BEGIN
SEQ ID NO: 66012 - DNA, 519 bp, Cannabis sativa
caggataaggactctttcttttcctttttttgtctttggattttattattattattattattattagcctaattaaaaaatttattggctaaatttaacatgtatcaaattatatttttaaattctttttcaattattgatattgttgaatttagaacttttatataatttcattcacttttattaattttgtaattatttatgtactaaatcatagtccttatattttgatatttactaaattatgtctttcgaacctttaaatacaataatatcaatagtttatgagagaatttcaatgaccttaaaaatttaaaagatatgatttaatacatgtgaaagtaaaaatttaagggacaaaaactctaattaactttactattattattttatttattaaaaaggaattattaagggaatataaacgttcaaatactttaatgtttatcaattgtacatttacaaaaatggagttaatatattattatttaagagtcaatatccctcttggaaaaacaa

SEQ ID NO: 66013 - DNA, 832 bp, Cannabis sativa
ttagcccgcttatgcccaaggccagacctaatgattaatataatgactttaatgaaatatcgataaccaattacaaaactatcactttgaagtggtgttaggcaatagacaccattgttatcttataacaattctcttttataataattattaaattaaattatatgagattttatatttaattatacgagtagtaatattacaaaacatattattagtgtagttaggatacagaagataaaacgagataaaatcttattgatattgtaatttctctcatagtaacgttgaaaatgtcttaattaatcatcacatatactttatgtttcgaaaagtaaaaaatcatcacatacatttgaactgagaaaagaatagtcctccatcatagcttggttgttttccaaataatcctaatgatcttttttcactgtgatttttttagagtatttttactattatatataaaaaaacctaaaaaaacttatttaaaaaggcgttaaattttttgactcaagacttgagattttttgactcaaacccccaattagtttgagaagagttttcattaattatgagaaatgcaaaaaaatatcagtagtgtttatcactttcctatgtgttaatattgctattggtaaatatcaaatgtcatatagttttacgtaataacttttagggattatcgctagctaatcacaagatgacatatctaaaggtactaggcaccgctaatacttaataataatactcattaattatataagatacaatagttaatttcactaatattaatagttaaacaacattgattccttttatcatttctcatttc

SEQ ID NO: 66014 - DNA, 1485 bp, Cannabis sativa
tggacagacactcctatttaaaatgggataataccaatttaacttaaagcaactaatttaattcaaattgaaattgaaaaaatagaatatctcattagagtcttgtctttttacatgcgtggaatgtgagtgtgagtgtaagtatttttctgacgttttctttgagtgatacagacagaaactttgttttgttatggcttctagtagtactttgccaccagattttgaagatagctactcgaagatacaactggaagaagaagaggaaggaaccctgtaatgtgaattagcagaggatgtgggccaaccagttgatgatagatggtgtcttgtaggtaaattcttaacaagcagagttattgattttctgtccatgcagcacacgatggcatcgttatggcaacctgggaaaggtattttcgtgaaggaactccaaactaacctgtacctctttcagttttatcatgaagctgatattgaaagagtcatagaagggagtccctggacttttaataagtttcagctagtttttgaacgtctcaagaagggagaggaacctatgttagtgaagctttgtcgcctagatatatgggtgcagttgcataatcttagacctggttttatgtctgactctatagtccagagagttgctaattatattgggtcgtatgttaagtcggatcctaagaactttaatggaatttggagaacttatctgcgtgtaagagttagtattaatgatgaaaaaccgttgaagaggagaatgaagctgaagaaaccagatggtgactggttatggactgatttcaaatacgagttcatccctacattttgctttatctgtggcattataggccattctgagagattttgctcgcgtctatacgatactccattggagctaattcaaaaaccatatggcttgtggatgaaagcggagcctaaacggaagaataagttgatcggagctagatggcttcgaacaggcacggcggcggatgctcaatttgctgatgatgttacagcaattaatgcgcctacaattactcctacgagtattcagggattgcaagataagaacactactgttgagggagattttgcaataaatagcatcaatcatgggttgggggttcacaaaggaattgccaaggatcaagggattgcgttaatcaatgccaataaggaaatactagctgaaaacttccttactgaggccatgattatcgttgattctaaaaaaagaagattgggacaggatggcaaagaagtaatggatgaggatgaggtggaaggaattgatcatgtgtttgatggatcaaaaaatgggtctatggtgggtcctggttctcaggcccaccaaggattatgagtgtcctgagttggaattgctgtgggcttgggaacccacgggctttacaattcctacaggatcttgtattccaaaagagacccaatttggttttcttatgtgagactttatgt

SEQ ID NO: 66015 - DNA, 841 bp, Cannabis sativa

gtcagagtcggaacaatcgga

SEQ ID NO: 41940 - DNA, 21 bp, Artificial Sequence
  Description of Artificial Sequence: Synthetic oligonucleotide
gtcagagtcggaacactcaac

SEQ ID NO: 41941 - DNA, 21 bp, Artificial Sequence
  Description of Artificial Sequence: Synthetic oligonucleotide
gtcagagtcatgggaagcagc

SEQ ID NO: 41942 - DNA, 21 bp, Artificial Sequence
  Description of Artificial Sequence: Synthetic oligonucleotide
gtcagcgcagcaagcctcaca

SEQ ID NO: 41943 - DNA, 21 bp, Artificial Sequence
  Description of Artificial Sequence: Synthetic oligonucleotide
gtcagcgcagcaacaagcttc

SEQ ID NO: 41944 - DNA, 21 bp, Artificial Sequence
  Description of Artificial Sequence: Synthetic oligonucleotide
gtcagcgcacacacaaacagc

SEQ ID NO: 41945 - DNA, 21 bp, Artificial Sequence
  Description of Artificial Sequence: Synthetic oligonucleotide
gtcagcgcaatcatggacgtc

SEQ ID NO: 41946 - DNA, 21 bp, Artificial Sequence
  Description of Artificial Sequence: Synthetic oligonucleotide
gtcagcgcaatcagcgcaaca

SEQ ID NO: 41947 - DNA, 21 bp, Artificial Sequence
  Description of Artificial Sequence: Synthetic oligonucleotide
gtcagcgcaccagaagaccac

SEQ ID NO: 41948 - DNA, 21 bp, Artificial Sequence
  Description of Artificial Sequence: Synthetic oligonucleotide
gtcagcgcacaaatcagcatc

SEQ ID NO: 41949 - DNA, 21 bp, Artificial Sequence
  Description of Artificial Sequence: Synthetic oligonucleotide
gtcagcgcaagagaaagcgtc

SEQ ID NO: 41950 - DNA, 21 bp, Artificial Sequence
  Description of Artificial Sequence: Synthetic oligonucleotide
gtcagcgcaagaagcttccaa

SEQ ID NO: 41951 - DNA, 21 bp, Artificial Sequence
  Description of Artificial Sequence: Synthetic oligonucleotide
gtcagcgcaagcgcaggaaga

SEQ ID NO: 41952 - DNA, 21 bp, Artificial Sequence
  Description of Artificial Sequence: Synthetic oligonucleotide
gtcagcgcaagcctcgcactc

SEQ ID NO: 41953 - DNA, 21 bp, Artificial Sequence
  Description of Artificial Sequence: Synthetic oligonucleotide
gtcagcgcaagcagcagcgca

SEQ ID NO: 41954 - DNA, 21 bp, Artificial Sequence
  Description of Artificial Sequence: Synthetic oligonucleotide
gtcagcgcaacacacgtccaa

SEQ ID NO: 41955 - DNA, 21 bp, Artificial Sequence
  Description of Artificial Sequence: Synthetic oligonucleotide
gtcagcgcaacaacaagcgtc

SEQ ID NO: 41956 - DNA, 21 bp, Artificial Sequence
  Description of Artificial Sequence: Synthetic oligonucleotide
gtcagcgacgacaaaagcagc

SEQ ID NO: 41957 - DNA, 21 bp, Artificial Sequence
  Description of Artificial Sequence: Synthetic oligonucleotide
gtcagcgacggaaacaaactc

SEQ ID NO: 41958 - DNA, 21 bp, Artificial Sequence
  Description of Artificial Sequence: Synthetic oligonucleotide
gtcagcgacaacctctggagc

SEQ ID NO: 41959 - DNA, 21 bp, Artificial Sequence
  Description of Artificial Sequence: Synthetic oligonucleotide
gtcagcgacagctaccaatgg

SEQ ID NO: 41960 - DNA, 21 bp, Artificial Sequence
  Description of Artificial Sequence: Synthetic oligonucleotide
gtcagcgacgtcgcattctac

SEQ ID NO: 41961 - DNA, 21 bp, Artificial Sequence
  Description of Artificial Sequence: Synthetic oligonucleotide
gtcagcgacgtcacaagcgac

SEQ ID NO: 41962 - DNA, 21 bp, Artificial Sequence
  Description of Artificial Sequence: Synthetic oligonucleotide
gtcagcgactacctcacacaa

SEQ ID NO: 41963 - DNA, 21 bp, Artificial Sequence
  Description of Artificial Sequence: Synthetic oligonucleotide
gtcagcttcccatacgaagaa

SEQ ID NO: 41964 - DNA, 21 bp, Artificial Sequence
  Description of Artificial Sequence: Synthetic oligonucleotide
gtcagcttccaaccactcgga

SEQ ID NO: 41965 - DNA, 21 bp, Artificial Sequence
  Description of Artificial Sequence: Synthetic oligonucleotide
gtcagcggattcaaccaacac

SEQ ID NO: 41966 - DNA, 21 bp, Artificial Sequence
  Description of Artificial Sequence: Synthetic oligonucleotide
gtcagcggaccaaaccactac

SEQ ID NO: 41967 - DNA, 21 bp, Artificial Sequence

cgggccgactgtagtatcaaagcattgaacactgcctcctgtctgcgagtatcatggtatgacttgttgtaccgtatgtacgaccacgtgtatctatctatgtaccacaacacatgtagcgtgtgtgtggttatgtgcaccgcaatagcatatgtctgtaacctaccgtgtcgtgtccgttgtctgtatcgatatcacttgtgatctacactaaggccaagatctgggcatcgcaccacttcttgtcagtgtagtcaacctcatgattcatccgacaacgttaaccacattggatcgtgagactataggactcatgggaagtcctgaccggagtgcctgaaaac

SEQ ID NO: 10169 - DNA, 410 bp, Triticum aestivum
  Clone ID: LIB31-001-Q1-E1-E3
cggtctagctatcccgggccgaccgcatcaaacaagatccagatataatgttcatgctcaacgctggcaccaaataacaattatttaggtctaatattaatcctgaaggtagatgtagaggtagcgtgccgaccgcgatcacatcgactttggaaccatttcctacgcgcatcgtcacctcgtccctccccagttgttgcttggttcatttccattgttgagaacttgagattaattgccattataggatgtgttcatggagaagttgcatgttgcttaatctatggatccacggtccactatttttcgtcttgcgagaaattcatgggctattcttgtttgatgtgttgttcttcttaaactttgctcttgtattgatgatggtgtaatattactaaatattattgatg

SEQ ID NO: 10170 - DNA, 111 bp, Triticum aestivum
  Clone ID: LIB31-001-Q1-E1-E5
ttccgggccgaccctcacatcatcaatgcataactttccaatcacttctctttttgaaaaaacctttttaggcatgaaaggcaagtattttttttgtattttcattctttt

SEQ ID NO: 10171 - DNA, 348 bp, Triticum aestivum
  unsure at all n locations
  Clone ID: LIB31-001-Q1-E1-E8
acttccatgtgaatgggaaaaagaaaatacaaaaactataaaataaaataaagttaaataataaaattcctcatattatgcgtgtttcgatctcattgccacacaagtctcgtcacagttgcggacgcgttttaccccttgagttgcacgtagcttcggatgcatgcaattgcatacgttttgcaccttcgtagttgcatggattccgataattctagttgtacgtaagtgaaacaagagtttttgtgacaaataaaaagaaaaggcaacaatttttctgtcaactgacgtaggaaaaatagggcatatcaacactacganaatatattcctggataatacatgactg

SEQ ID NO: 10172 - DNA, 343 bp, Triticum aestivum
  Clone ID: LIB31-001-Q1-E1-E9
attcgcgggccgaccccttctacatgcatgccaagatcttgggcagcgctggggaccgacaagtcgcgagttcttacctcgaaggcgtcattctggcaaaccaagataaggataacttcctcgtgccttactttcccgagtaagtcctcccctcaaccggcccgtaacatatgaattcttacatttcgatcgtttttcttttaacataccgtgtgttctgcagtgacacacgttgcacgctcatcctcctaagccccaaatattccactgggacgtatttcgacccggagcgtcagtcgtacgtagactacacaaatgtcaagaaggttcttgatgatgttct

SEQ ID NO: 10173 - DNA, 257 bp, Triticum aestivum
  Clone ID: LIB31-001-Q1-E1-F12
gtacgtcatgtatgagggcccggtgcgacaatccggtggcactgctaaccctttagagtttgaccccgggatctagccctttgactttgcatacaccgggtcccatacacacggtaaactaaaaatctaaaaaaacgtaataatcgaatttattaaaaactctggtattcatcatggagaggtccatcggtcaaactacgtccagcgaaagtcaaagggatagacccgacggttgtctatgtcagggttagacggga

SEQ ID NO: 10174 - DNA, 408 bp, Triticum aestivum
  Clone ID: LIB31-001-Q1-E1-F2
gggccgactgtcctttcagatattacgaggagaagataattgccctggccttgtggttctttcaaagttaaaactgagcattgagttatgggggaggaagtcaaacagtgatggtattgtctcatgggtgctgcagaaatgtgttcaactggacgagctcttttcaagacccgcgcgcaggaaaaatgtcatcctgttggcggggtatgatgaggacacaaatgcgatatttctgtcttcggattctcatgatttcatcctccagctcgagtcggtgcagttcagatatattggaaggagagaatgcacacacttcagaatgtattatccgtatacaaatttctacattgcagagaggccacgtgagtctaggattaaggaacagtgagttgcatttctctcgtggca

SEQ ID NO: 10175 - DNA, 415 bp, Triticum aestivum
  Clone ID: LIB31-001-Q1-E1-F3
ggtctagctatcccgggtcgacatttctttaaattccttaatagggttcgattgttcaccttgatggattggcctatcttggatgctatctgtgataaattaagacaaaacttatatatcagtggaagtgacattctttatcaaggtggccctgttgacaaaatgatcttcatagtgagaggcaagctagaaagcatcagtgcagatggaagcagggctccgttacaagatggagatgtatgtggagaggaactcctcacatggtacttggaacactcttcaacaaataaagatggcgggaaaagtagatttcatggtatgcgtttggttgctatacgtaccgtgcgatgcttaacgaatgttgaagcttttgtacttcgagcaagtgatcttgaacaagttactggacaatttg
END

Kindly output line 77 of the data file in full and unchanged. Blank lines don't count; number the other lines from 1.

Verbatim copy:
gtcagcgactacctcacacaa